US is engaging in high-level diplomacy to avoid vetoing a UN resolution on critical aid for Gaza

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The United States, key allies and Arab nations engaged in high-level diplomacy in hopes of avoiding another US veto of a new UN resolution on desperately needed aid to Gaza ahead of a long-delayed vote now scheduled for Thursday morning. The US has been struggling to change the text’s references to a cessation of hostilities in the Israel-Hamas war. Another sticking point is the inspection of aid trucks in Gaza to ensure they are only carrying humanitarian goods. The current draft proposes a U.N. role, an idea Israel is likely to oppose.

US President Joe Biden told reporters on his way back from Milwaukee, Wisconsin late Wednesday afternoon that “we’re negotiating right now at the UN the contours of a resolution that we may be able to agree to.” Ambassador Lana Nusseibeh of the United Arab Emirates, which sponsored the Arab-backed resolution, said earlier that high-level discussions are underway to try to reach an agreement on a text that can be adopted.

“Everyone wants to see a resolution that has impact and that is implementable on the ground,” she told reporters after the 15 council members held closed consultations early Wednesday afternoon and agreed to the delay. “We believe today, giving a little bit of space for additional diplomacy, could yield positive results.” The vote – initially postponed from Monday and then pushed back to Tuesday and then Wednesday – is now expected on Thursday morning, said Ecuador’s U.N. Ambassador José Javier De La Gasca López-Domínguez, the current Security Council president.

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A U.S. official, speaking on condition of anonymity to discuss the sensitive diplomacy, said U.S. Secretary of State Antony Blinken would speak with his Egyptian and UAE counterparts to try to reach a consensus either late Wednesday or early Thursday. As part of the U.S. push at the U.N., Blinken spoke Wednesday with the foreign ministers of France, Germany and the United Kingdom and stressed the need for urgent humanitarian aid to Gaza, “the imperative of minimizing civilian casualties,” and preventing further escalation of the conflict and “underscored the U.S. commitment to the establishment of an independent Palestinian state,” State Department spokesman Matthew Miller said.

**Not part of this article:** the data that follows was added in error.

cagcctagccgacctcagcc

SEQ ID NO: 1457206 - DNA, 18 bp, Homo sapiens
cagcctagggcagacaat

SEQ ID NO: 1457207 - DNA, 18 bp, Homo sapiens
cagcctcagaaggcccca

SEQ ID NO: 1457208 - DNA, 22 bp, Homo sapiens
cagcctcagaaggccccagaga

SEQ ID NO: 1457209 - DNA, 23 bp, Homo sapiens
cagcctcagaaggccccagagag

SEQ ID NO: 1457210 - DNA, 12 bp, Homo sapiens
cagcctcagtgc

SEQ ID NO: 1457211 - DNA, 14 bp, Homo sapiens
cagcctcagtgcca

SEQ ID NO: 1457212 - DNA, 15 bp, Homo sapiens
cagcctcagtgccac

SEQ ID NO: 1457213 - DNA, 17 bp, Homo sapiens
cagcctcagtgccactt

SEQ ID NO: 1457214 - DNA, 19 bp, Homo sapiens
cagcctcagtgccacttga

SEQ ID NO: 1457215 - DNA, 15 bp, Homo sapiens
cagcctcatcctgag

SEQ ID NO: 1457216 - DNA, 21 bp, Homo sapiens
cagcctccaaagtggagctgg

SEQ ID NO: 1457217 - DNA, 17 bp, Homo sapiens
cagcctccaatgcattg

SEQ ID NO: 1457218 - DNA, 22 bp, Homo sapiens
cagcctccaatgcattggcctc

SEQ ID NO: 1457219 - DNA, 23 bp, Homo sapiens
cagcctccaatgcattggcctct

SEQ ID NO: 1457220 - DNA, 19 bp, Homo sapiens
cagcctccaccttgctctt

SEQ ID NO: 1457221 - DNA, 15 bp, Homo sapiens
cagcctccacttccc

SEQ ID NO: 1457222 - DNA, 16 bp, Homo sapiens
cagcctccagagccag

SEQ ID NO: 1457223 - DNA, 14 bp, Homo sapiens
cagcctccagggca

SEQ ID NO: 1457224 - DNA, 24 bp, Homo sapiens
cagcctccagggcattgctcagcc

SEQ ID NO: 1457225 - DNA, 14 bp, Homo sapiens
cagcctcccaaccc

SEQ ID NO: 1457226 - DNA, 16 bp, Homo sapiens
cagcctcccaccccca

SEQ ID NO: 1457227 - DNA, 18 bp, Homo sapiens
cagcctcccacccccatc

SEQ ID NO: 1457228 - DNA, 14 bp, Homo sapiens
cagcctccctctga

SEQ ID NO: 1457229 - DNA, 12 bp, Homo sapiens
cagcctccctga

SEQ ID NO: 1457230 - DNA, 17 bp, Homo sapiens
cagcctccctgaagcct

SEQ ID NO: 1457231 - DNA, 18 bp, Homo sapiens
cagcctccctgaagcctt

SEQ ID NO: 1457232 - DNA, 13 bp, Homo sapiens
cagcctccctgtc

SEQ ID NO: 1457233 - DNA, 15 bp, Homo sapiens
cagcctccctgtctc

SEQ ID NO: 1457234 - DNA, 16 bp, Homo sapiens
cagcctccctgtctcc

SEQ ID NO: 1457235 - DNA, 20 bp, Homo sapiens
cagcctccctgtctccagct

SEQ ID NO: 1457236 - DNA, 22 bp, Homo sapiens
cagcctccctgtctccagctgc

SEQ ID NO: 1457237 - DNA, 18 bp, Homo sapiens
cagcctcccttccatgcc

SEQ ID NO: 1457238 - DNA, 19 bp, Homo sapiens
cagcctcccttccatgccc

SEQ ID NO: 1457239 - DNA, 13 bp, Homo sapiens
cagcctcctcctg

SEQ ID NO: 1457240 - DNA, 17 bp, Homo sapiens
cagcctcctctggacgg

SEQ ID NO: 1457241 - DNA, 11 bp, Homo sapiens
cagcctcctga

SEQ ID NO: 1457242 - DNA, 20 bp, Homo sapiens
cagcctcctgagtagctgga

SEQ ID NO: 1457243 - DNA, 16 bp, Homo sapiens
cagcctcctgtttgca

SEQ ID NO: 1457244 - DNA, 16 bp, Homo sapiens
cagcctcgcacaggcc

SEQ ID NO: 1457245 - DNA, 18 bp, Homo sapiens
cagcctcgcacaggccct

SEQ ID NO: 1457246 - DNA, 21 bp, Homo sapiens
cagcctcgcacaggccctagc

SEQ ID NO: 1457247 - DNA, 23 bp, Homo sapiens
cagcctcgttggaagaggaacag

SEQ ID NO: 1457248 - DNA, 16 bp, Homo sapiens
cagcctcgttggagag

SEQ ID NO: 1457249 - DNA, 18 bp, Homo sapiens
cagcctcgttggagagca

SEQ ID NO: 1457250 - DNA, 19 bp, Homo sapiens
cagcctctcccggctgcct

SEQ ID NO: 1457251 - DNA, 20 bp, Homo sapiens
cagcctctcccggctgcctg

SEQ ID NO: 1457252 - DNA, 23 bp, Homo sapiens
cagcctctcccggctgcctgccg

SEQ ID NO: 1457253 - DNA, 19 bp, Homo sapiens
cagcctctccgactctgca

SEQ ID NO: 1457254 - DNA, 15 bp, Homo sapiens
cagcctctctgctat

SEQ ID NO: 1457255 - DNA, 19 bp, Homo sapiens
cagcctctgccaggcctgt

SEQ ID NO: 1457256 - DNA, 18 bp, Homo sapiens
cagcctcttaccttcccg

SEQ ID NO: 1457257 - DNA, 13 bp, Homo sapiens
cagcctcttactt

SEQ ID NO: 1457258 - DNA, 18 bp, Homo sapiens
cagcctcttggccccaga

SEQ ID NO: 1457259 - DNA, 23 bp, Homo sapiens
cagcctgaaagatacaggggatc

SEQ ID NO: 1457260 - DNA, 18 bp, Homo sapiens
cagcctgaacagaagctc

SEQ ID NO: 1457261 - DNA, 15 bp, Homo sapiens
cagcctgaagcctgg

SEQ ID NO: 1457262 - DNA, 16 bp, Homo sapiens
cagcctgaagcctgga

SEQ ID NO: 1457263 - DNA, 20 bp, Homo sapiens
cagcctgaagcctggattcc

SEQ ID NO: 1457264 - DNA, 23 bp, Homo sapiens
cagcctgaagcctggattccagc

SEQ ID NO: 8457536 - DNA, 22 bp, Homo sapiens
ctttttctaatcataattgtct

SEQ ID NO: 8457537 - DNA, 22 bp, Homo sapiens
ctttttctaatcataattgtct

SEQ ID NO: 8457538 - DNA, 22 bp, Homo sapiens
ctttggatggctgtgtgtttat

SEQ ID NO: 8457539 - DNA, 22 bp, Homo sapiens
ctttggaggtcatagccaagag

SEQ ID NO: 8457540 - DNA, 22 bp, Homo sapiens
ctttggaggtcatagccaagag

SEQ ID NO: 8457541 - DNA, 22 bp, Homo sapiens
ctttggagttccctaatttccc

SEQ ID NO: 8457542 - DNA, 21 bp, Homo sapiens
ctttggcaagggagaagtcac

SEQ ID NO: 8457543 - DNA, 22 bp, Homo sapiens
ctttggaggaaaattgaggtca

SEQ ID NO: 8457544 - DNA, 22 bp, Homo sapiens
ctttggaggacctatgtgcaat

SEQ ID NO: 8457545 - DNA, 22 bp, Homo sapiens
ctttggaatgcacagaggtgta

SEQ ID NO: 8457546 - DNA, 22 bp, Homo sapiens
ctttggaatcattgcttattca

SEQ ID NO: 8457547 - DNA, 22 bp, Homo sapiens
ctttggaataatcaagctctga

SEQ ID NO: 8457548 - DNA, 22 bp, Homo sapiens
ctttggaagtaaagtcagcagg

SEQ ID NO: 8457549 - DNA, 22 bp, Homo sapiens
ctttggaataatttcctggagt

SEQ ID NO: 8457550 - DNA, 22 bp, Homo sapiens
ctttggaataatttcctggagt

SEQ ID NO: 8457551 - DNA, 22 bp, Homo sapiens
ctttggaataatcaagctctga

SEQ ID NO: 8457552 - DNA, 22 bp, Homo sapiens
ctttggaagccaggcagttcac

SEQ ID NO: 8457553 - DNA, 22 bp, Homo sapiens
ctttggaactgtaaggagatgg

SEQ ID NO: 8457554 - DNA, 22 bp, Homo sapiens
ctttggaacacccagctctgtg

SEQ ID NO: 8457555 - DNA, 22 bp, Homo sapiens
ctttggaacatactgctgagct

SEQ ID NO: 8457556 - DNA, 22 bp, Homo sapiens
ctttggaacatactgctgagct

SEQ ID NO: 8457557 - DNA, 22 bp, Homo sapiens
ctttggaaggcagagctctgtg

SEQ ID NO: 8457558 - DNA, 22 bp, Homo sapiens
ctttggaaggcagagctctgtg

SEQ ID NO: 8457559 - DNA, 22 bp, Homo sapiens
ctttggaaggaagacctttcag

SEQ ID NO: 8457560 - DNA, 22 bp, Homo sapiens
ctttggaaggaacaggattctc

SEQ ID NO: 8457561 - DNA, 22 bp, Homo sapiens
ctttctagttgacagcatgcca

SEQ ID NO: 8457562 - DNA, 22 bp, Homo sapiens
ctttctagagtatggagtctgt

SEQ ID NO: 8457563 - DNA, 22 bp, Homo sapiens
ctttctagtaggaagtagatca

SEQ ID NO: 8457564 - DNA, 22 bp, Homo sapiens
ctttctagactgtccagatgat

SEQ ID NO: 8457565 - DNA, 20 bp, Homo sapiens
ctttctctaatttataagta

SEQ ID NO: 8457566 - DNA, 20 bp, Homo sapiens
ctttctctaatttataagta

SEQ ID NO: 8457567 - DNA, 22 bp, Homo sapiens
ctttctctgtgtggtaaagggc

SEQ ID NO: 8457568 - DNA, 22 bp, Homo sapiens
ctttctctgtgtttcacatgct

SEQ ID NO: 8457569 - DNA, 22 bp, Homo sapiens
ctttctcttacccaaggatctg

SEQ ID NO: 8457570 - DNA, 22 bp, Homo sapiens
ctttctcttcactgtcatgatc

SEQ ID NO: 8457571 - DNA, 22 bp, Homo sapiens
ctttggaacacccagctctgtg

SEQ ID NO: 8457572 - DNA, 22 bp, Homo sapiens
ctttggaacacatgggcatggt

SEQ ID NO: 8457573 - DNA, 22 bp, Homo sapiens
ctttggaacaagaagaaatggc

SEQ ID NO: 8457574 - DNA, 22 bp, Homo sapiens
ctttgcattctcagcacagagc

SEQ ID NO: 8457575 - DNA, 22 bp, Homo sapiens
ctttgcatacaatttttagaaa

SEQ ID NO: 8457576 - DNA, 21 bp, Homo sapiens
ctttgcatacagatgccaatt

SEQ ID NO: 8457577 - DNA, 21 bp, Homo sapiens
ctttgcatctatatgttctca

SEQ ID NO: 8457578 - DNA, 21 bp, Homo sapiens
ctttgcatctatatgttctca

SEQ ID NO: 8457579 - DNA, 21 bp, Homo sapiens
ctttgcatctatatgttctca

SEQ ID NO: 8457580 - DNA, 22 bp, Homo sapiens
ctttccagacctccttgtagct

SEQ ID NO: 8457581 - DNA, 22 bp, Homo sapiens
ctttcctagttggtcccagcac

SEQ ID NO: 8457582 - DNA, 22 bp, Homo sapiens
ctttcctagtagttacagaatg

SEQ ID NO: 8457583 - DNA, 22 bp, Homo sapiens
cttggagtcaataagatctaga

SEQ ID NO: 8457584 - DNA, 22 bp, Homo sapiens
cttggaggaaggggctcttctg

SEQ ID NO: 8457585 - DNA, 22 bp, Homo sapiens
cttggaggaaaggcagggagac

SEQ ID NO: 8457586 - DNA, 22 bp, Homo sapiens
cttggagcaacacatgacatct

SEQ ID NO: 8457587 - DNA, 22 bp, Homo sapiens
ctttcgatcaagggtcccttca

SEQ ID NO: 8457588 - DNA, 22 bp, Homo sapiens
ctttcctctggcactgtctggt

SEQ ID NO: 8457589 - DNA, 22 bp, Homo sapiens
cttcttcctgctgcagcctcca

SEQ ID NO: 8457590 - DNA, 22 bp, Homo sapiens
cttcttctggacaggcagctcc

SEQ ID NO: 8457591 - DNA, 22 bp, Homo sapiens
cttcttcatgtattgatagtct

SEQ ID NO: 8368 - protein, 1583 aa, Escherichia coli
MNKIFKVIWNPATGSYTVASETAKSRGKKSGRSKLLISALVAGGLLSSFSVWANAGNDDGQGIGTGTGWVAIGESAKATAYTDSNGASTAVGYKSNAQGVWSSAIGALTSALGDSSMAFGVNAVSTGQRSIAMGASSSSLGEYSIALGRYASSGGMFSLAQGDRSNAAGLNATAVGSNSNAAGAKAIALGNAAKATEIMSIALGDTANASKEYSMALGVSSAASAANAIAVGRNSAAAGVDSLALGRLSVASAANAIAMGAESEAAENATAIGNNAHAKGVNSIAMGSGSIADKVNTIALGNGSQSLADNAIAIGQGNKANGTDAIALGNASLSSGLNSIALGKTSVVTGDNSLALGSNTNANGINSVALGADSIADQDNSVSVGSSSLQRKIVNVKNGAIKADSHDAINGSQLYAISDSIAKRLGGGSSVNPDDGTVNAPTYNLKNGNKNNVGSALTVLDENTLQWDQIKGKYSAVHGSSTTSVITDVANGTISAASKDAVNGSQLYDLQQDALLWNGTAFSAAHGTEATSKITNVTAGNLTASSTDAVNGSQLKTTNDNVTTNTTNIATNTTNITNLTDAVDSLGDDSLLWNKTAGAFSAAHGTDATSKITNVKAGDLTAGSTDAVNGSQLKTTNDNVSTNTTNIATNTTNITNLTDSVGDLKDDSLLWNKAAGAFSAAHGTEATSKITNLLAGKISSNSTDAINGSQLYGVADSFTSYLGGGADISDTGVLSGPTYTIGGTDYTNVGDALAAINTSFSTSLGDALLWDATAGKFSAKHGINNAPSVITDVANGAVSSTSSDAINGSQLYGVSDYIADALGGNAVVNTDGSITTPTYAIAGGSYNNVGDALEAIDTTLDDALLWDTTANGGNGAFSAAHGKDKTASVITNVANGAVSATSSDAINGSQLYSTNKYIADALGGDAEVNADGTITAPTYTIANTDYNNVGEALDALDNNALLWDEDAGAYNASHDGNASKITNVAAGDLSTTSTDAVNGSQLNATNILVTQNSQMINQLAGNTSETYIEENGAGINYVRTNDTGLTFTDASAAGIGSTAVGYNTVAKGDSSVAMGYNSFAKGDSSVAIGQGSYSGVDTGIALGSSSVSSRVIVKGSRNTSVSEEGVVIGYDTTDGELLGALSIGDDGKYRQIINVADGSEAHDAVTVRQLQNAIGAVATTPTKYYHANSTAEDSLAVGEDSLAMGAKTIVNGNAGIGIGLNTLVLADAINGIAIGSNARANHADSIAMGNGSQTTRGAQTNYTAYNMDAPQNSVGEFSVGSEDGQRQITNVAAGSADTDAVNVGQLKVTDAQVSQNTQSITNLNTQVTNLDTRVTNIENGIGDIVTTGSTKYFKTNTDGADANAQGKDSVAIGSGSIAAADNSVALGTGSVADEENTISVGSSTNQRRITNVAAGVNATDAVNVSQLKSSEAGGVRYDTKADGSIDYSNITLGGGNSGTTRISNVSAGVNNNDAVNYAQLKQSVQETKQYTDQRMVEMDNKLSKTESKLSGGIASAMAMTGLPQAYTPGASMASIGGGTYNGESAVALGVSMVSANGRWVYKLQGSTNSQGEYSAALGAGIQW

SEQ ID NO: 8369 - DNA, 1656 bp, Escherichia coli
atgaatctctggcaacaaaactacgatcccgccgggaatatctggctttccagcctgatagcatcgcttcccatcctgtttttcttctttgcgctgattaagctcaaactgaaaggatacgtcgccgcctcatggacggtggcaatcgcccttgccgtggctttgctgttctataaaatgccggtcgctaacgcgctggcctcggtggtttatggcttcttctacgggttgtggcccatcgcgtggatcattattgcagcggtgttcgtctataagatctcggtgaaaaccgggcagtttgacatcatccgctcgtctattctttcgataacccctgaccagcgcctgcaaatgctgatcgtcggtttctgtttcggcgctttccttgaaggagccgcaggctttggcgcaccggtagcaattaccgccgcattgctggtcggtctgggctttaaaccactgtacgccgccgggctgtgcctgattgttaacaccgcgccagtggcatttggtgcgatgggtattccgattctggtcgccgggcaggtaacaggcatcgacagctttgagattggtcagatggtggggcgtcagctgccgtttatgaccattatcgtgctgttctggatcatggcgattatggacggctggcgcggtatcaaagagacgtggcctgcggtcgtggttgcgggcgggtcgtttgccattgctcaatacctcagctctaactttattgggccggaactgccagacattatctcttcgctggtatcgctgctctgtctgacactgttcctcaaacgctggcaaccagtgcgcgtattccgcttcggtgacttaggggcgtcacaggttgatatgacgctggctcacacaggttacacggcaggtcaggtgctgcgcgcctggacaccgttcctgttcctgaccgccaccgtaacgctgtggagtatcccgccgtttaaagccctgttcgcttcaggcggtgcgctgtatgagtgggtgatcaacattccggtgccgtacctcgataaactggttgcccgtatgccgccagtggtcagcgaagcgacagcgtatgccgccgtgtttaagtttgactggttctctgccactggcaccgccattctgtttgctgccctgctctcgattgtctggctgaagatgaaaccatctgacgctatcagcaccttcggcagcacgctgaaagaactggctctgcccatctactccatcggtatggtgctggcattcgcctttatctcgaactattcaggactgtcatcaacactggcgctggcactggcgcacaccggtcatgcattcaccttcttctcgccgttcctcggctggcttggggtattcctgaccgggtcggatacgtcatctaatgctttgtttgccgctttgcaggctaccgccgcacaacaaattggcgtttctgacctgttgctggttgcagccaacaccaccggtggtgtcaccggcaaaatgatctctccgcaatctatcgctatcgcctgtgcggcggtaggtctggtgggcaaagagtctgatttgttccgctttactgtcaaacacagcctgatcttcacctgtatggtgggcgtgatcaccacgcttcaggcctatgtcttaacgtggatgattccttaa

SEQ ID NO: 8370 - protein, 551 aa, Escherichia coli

Nusseibeh said the UAE is optimistic, but if the negotiations yield no results by Thursday “then we will assess in the council to proceed … to a vote on the resolution.” U.N. Secretary-General António Guterres has said Gaza faces “a humanitarian catastrophe” and that a total collapse of the humanitarian support system would lead to “a complete breakdown of public order and increased pressure for mass displacement into Egypt.” The U.N. food agency reported last week that 56% of Gaza’s households are experiencing “severe levels of hunger,” up from 38% two weeks earlier.

The draft on the table Monday morning called for an “urgent and sustainable cessation of hostilities,” but this language was watered down in a new version that was to be put to a vote on Wednesday. It would call “for the urgent suspension of hostilities to allow safe and unhindered humanitarian access, and for urgent steps towards a sustainable cessation of hostilities.” That draft also calls for Guterres to quickly establish a mechanism for exclusive U.N. monitoring of aid deliveries to Gaza – bypassing the current Israeli inspection of aid entering the strip.

A council diplomat, speaking on condition of anonymity because discussions were private, said the U.S. and Egypt are engaging directly to ensure any aid monitoring mechanism can work for everyone. U.S. National Security Council spokesman John Kirby also raised two other issues Wednesday morning that are not in the Arab-sponsored resolution – condemnation of Hamas’ deadly Oct. 7 incursion into southern Israel that sparked the latest war and Israel’s right to self-defense. The U.S. on Dec. 8 vetoed a Security Council resolution, backed by almost all other council members and dozens of other nations, demanding an immediate humanitarian cease-fire in Gaza. The 193-member General Assembly overwhelmingly approved a similar resolution on Dec. 12 by a vote of 153-10, with 23 abstentions.

In its first unified action on Nov. 15, with the U.S. abstaining, the Security Council adopted a resolution calling for “urgent and extended humanitarian pauses” in the fighting, unhindered aid deliveries to civilians and the unconditional release of all hostages. Security Council resolutions are important because they are legally binding, but in practice many parties choose to ignore the council’s requests for action. General Assembly resolutions are not legally binding, though they are a significant barometer of world opinion. Nearly 20,000 Palestinians have been killed, according to the Gaza Health Ministry, since the war started. During the Oct. 7 attack, Hamas militants killed about 1,200 people in Israel and took about 240 hostages back to Gaza.

Hamas controls the Gaza Strip, and its Health Ministry does not differentiate between civilian and combatant deaths. Thousands more Palestinians lie buried under the rubble of Gaza, the U.N. estimates.